It’s always easier to spot something, when you know what it is that you are looking for. But how well do you see things, when you’re not looking for anything in particular? Do you notice the things around you or do you tend to ignore them? If you’re like most people, you ignore them. This exercise will get you thinking about seeing what is around you, rather than just letting your eyes pass over them.
As you leave a store, restaurant or other location, quiz each other on what you saw there. You’re looking for things like:
How many people working there?
What the people at the next table had to eat?
How many patrons?
Where were the exits?
What decorations on the wall?
How many tables or display racks?
The person who can recall the most details wins.
6. Spotting Differences in Images
This is a common kids game, where they are presented with two images which are almost identical. The idea is to find the differences between the two of them. This short video will illustrate how easy it is to miss seeing these differences.
7. How Many Can You Find?
I used to play this one with my kids all the time when we were traveling. It’s a variation on the “punch buggy” game; if you’re familiar with that. The idea is to find as many of one thing as you can. It can be:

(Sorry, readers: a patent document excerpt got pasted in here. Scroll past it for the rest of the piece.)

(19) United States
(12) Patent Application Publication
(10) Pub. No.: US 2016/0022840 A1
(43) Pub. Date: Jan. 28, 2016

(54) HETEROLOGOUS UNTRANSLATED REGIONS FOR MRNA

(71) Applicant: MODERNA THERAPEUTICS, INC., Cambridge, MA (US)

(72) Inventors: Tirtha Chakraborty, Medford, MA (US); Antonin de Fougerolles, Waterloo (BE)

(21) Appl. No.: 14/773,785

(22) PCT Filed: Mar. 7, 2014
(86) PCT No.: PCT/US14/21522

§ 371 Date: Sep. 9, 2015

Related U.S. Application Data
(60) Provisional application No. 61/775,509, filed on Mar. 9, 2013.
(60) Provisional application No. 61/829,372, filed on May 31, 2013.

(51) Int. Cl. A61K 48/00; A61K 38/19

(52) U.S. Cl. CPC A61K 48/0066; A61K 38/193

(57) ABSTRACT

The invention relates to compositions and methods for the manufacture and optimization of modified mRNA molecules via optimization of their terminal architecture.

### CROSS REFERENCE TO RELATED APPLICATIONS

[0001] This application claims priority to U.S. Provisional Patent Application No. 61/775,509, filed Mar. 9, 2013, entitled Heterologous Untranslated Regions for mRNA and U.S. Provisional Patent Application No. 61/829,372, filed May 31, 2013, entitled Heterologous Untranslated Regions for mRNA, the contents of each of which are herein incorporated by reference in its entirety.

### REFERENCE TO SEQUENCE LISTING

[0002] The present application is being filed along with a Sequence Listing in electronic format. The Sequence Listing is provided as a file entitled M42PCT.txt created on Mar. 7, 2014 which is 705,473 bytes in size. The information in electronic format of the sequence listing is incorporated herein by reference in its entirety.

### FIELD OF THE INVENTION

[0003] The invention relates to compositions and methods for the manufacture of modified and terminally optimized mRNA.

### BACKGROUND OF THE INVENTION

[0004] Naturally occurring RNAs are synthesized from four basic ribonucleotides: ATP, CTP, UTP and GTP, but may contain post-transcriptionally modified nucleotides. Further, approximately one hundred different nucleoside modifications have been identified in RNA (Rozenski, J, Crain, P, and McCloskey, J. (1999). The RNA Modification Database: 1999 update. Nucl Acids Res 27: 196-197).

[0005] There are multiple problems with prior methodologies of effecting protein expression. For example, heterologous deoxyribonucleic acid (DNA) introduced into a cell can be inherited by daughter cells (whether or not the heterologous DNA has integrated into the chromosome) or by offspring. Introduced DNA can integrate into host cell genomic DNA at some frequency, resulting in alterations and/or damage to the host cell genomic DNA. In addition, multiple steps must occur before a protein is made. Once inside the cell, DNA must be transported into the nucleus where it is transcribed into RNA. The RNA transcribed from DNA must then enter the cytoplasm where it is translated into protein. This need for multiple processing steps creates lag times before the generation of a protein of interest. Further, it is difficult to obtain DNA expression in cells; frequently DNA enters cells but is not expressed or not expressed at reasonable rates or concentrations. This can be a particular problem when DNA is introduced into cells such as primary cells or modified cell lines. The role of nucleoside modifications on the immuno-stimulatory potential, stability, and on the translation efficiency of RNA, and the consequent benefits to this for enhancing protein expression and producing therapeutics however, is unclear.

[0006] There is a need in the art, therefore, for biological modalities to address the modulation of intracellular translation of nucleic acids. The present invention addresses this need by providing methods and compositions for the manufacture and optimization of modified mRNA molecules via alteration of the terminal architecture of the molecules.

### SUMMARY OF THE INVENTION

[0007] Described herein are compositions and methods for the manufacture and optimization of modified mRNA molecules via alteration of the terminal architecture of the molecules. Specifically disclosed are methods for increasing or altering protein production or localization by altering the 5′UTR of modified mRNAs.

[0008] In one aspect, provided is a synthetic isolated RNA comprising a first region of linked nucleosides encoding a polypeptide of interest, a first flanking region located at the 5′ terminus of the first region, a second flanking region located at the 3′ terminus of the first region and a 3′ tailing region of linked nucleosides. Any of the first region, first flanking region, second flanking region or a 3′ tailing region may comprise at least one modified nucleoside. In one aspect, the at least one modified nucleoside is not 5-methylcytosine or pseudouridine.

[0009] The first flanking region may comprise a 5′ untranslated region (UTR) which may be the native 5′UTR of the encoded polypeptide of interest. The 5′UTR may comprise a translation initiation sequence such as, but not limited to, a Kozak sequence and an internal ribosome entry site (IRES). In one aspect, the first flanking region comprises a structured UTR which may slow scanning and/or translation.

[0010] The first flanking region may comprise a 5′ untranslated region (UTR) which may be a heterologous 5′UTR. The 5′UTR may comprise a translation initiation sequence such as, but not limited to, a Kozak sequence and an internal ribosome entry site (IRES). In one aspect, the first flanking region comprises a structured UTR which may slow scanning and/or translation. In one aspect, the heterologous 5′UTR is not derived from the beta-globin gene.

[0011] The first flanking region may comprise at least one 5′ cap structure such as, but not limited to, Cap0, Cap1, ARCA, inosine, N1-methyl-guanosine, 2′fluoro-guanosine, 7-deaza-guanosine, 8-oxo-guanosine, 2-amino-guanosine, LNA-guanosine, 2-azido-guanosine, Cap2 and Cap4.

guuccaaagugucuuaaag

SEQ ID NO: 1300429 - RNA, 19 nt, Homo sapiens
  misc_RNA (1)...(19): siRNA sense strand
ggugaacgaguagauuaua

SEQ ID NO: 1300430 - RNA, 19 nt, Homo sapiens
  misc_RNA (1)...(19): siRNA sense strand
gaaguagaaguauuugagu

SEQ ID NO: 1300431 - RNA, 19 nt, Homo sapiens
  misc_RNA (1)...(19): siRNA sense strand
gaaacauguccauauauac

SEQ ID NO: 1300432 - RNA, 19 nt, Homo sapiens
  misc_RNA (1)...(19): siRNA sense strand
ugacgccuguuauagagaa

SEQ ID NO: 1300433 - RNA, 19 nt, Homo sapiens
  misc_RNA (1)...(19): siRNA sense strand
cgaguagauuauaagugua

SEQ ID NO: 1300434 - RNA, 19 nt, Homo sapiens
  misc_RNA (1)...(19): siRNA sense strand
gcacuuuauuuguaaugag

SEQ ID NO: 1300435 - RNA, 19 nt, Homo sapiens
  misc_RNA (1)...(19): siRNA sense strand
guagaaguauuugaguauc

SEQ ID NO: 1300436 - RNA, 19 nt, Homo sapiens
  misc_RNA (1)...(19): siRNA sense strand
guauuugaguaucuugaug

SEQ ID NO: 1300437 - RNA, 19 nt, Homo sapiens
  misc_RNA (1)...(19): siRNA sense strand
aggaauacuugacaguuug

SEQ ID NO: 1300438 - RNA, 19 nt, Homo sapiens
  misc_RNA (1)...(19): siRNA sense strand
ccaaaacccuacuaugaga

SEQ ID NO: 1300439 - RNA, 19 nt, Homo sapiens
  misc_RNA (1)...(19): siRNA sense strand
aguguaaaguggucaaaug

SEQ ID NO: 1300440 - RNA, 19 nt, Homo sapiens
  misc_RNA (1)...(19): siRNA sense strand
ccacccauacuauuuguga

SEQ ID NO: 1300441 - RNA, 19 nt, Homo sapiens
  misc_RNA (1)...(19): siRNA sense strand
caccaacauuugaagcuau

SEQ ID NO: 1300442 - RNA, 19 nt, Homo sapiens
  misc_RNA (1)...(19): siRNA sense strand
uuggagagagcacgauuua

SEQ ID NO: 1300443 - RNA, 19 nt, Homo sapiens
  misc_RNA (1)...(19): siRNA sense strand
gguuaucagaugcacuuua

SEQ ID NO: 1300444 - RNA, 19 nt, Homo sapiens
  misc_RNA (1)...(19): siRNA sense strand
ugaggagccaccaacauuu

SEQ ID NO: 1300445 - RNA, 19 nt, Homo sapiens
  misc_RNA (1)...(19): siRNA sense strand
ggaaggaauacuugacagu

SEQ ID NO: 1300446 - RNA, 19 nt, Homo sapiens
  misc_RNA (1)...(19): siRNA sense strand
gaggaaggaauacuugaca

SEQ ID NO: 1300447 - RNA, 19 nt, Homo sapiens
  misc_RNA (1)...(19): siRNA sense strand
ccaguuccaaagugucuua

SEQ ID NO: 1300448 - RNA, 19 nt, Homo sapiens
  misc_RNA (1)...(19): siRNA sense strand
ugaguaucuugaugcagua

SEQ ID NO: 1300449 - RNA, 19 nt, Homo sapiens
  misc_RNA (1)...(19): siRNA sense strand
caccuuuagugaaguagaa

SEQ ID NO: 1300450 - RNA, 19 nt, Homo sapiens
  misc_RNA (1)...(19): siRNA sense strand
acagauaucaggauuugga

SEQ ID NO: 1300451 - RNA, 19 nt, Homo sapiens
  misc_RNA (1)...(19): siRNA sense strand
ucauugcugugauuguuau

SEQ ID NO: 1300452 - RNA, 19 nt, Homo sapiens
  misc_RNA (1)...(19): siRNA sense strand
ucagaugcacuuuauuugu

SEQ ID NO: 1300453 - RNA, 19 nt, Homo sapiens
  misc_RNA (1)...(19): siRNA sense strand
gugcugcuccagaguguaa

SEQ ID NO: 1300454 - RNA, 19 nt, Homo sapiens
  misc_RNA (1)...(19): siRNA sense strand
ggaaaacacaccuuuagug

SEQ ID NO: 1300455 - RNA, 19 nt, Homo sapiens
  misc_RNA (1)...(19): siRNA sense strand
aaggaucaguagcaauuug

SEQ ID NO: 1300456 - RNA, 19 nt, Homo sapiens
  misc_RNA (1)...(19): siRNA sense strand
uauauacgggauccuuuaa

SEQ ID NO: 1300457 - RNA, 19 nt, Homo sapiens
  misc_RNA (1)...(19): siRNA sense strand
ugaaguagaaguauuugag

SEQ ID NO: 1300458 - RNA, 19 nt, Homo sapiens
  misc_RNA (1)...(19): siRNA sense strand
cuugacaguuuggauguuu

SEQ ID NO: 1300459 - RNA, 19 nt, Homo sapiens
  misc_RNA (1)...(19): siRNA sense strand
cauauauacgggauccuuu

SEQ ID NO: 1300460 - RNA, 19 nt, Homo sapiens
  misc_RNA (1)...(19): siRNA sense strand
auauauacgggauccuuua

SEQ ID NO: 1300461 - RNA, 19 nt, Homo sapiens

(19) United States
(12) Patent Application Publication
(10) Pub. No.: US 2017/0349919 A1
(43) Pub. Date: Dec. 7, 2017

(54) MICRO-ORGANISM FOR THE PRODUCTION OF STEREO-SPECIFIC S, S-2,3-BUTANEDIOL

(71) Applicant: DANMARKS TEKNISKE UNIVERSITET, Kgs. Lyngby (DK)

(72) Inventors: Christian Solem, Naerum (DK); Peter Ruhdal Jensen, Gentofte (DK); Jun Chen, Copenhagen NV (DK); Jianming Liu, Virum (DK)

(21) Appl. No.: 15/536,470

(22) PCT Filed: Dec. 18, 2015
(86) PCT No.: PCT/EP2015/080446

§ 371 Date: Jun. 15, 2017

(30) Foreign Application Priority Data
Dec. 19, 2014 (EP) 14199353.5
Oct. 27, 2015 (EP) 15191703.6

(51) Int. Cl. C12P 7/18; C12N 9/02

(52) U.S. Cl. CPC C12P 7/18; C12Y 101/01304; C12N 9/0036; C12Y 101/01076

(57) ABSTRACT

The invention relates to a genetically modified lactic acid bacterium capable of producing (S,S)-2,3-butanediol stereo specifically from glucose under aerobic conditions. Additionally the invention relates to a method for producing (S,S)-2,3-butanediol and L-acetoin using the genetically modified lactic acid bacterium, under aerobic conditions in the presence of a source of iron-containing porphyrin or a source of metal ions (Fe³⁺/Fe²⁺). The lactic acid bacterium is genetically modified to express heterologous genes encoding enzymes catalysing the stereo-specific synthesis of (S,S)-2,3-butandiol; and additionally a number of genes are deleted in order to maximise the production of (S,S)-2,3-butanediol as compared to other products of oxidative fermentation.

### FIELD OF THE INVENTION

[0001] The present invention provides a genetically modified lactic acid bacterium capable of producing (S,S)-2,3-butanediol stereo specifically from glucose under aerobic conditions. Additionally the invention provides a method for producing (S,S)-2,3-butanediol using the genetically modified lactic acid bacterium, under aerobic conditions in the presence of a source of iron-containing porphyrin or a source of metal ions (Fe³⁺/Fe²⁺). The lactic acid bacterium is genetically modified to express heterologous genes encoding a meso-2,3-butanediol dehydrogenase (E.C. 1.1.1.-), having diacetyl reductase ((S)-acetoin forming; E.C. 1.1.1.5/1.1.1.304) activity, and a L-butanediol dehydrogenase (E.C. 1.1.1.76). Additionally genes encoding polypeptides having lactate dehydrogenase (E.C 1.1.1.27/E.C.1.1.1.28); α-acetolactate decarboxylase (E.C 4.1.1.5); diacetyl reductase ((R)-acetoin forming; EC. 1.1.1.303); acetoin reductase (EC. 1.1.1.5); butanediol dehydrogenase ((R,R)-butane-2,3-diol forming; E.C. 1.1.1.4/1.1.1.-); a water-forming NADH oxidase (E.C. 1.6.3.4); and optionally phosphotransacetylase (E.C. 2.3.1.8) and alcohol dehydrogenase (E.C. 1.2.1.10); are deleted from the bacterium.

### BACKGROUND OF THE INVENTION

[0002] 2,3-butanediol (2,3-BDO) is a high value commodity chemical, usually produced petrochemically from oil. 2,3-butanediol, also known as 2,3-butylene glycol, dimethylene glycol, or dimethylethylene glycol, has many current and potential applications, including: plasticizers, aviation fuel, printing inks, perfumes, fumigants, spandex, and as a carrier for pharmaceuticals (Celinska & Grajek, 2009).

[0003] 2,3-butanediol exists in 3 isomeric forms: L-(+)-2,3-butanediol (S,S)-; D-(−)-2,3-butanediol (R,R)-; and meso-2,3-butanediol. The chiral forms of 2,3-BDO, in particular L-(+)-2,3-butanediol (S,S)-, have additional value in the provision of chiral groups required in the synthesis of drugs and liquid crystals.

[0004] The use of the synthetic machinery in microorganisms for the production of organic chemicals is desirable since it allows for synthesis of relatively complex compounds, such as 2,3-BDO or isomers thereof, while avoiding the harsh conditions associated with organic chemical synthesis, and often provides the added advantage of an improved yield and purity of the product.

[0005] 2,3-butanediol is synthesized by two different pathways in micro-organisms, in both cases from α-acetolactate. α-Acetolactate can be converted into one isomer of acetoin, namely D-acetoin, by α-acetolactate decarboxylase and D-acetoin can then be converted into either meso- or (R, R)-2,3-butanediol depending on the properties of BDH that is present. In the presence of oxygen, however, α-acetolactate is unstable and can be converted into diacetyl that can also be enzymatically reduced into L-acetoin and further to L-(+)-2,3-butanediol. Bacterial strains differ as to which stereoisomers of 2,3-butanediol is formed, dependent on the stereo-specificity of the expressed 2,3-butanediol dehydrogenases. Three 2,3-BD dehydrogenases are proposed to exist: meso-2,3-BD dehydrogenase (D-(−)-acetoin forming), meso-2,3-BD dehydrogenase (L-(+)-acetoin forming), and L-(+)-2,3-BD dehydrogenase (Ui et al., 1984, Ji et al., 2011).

People wearing a particular color
The key here is that only the person who sees it first gets to count it; so this game is encouraging you to see things quickly and identify them. To avoid people calling something that isn’t there; if others can’t see or identify it, the person who called it out loses a point.
8. What are People Doing?
This exercise is best done in a public place, with a lot of people around. The idea is to train you in finding people who might be involved in some sort of illicit activity. What you are doing is looking for clues in their actions and attire, which indicate what their purpose is for being there.
Find a location where there are lots of people; ideally, one where their purpose for being there might not be so obvious, such as a park or outdoor plaza.
Members of your group alternately pick someone out of the crowd and identify them, using minimal information. It is best to use things that stand out, like “the guy with the big red coat.”
Watching them for no more than a minute, try to determine why they are there, whether they are with anyone else and what they are doing.
9. Who’s Really Shopping